When I first heard Kalie Shorr, it was on Sirius XM’s The Highway in 2016. Fight Like a Girl was a gutsy song by a cute girl who was trying to navigate the murky waters of country music in Nashville. But when I sat down to speak to her, as is so often the case, I found out there was so much more to Kalie Shorr, a lot more.
Kalie Shorr literally wrote her first song when she was just seven years old. By thirteen, she was highly influenced by pop, rock and country and begin posting cover songs on the popular app, YouTube. Since Kalie lived in Maine at the time, it was the only way she could get her music out there. “I always wanted to be in Nashville and it gave me an opportunity to reach Nashville without actually being there.” She received validation from viewers that this was something she should be doing. The door opened in 2010 when Kalie was 16.
Blogger Perez Hilton, noticed her on YouTube. He paid for her first official recordings and her initial trip to Nashville. “[Perez Hilton] introduced me to a lot of people that I needed to know and gave me the first step into it which allowed me to realize that this was what I wanted to do.” Growing up in the early 2000’s was big for women in country music. Hitmakers such as Shania Twain, Faith Hill, and the Dixie Chicks were on all the airways and that provided Kalie with the inspiration to pursue country as opposed to rock or even pop. “I loved the story-telling and the guitars and the crazy drums and all the amazing stuff that happened in the late 1990’s/early 2000’s in rock music, but the vocal and the lyric in country music was the important thing to me, and what drew me there was the songs that I was hearing from women in country music.”
Kalie Shorr, now 24, was raised by a single mom. When she was 19, her mother fully supported her when she decided to move to Nashville instead of going to college like her friends did. Just as many others who move to Nashville, Kalie worked multiple jobs while pursuing her dreams. Kalie basically knew no one until she met a group of female musicians called the Song Suffragettes who wrote and performed their own songs in Nashville’s famed Listening Room on Monday nights. When she found the Suffragettes, she “immediately found [her] community and friends and people to collaborate with.” States Kalie, “I don’t even want to want to think what my journey would be like without them. They have helped me grow so much as a performer by getting comfortable on stage, getting better at guitar and finding people to co-write with. It made me a better woman too and made me aware of how important it is to support other girls and not be catty and reinforce those stereotypes. Kalie told me about watching the Golden Globes with friends when the “Me Too” movement was at its apex. “We watched in solidarity with all the women in Hollywood and we (the Song Suffragettes) were so impacted by it that we wrote a song, Times Up. There were 23 girls who help to write, sing and produce this powerful song. States YouTube viewer Allison Deyette, “Phenomenal! Talented women coming together to create a beautiful song expressing change and strength.”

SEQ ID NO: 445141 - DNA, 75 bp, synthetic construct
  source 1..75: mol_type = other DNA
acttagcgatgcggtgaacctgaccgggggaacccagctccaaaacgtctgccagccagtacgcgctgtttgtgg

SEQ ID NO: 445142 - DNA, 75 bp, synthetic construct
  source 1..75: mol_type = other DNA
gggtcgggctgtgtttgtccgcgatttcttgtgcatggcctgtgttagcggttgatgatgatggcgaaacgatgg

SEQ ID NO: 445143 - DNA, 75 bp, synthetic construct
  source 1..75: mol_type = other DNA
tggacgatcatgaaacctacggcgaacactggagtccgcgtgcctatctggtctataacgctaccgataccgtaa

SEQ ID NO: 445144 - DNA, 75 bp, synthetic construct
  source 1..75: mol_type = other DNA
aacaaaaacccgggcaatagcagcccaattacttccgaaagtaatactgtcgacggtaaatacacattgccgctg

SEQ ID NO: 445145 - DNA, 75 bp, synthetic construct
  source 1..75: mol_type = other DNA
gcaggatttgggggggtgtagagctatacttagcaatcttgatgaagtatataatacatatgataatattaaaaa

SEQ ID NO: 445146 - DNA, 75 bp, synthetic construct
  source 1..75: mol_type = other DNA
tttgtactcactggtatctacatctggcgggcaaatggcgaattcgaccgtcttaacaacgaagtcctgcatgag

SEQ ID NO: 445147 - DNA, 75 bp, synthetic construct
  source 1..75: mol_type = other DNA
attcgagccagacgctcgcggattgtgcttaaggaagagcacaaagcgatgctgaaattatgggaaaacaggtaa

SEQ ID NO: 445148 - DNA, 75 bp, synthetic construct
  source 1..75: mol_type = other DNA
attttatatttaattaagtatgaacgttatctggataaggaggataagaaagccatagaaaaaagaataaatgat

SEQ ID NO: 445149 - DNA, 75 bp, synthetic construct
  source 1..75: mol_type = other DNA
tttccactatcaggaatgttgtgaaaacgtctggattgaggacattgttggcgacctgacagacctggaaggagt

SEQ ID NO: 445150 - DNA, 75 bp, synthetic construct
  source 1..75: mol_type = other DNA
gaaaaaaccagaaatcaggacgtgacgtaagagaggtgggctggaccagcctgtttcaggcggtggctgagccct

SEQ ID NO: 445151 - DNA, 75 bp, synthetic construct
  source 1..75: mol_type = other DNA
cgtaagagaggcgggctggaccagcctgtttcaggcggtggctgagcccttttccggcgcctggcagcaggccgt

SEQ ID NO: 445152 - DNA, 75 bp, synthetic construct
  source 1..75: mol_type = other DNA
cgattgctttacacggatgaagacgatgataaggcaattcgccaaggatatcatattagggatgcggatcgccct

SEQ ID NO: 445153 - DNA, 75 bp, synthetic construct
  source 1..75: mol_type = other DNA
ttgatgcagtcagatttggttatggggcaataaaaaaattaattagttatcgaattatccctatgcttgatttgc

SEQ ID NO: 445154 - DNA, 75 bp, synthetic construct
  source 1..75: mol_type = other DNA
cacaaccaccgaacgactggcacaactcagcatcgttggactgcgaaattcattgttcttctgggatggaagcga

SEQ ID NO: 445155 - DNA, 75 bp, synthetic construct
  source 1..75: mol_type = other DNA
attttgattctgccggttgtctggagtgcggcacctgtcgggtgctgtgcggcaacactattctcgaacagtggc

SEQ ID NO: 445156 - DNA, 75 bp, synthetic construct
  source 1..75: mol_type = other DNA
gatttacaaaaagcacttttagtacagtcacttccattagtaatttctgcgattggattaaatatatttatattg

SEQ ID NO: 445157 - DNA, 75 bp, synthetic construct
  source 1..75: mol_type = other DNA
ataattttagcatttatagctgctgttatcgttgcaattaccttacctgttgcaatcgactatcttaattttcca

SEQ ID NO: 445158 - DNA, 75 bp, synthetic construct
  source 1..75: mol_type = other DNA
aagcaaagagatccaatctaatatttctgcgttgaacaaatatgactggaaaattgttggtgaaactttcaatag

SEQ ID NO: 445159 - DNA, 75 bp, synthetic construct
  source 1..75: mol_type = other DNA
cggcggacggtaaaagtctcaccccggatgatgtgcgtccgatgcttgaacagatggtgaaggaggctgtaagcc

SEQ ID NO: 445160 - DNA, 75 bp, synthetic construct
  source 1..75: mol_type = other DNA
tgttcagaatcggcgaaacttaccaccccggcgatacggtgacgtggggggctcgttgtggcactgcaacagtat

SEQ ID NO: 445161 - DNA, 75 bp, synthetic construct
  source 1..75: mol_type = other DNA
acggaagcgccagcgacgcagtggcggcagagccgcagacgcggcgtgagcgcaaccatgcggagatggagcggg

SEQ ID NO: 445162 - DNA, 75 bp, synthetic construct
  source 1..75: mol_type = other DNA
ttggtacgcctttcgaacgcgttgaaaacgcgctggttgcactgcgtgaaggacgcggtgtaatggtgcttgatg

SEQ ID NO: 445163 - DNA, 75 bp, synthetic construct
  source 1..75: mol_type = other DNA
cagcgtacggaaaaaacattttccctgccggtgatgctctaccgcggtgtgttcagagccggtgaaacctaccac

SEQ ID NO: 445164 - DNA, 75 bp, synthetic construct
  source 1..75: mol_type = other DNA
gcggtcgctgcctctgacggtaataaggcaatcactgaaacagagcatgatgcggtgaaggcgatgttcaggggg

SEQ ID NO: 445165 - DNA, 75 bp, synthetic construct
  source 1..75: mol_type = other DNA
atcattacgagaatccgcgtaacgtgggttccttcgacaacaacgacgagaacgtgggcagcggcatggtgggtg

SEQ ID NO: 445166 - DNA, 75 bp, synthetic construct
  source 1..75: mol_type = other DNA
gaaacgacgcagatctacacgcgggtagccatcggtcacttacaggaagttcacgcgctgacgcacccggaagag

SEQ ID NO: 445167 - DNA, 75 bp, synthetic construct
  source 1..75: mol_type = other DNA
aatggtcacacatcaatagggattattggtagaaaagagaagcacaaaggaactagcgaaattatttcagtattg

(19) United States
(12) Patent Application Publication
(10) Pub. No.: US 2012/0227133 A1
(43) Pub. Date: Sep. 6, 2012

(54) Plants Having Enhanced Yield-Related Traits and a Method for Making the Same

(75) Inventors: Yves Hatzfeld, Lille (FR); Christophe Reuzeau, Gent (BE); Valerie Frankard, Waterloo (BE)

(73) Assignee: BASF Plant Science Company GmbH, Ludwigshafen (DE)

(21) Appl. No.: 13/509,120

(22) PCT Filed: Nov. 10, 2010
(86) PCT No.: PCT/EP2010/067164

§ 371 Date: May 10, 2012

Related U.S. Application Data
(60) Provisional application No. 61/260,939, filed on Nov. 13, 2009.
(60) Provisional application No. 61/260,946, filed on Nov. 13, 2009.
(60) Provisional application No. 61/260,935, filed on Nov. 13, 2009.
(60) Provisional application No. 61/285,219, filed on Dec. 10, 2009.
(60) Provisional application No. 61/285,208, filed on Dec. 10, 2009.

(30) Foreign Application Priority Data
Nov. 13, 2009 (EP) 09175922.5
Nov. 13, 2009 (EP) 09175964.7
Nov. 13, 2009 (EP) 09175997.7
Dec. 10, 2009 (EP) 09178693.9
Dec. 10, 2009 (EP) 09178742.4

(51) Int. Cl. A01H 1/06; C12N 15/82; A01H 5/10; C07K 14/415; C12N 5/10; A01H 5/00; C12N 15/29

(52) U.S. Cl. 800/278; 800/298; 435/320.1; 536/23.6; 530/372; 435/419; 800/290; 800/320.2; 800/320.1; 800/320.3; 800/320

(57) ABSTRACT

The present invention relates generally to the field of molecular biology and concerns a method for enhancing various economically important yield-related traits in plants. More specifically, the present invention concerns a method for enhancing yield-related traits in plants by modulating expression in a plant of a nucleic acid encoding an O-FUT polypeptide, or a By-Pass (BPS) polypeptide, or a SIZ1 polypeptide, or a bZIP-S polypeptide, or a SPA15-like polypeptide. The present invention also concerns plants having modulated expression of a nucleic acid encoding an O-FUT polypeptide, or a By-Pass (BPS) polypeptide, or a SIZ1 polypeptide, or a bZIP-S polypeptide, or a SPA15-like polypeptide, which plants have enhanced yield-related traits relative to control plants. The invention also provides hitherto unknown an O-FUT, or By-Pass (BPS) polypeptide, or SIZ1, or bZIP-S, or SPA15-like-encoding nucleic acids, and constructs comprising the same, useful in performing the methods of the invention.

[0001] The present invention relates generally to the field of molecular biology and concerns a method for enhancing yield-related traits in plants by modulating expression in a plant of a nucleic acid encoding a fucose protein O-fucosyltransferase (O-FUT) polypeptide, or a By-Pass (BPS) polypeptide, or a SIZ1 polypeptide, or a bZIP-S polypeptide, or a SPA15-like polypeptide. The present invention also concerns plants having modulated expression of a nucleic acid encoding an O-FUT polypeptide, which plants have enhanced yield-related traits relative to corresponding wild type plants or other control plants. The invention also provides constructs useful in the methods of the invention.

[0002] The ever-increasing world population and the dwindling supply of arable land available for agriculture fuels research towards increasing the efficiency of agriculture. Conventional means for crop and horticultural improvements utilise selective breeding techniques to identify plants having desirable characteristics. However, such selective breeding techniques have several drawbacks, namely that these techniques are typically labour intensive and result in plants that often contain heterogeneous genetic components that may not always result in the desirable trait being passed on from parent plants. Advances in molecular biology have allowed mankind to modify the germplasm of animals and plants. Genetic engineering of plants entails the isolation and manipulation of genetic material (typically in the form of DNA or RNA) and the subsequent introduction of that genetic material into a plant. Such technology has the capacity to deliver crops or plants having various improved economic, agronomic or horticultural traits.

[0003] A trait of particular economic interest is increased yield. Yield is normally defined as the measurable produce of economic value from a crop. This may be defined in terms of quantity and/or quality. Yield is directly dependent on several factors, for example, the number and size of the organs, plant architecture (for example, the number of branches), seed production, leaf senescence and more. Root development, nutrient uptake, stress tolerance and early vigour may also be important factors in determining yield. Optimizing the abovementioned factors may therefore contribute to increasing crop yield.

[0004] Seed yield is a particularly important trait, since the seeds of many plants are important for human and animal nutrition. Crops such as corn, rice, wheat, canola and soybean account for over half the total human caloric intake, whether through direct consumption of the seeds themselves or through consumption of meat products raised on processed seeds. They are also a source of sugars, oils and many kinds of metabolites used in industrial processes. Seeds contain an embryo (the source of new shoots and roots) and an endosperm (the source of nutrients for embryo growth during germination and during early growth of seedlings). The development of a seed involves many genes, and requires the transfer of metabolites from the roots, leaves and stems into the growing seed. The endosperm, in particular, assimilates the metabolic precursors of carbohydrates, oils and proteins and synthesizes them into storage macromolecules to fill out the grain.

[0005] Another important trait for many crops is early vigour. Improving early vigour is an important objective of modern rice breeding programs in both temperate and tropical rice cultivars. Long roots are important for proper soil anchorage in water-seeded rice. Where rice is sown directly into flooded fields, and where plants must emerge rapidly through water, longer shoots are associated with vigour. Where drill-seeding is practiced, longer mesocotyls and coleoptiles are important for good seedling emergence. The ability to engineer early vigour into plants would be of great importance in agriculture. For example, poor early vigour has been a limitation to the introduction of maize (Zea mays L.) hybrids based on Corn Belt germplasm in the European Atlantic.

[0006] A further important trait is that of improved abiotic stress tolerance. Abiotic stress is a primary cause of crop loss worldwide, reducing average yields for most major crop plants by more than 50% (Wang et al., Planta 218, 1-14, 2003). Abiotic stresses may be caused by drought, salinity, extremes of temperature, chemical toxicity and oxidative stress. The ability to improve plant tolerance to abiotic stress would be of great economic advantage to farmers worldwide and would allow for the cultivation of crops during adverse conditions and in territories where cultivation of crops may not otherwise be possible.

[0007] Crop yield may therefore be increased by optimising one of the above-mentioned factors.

However one of Kalie biggest breaks came as she was singing at the Listening Room and one of Sirius XM’s the Highway interns heard her sing. The Highway called and asked if they could play her song. “I’ll have to think about it,” she joked. Being a “Highway Find” and having Fight Like a Girl get world-wide exposure was “the only thing that has gone easily for my music career. It was a game changer for me which led to me signing with a publishing deal.” That, in turn, led to her working with the famed 117 Entertainment Group and touring with CMT’s Next Women of Country earlier this year. She also recently named one of Taste of Country’s “Hottest Artist Under 25.”
With songs like Two Hands, He’s Not That Into You and her newly released single, Candy, Kalie Shorr’s songs are heartfelt with thought-provoking lyrics that will certainly resonate with the younger crowd. However, she admits that there has been backlash from those are hesitant to embrace the newer side of country music. “Honestly, I get it,” admits Kalie. “Anyone who has made waves in country music from Sam Hunt to Dolly Parton and Charlie Daniels’ Band has been accused of being too pop because they push the genre forward. She feels that “people will get on board. I made a choice at age 13 to embrace country music.” And country music is where she plans to stay.
On Tuesday night, Kalie Shorr played at BMI Nashville‘s famed rooftop along with one of country music’s newest star, Morgan Wallen. Although their music is at opposite ends of the country music spectrum, Kalie’s talent and desire were evident as she sang the songs that she wrote with conviction and honesty. After seeing her live performance, there is no doubt this Kalie Shorr going somewhere. Make way for the next Taylor Swift.
You can follow Kalie on Twitter and Instagram at @kalieshorr and on her website http://www.kalieshorr.com/.
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Bethany Bowman is an entertainment writer for Tennessee Star who lives in Nashville, TN.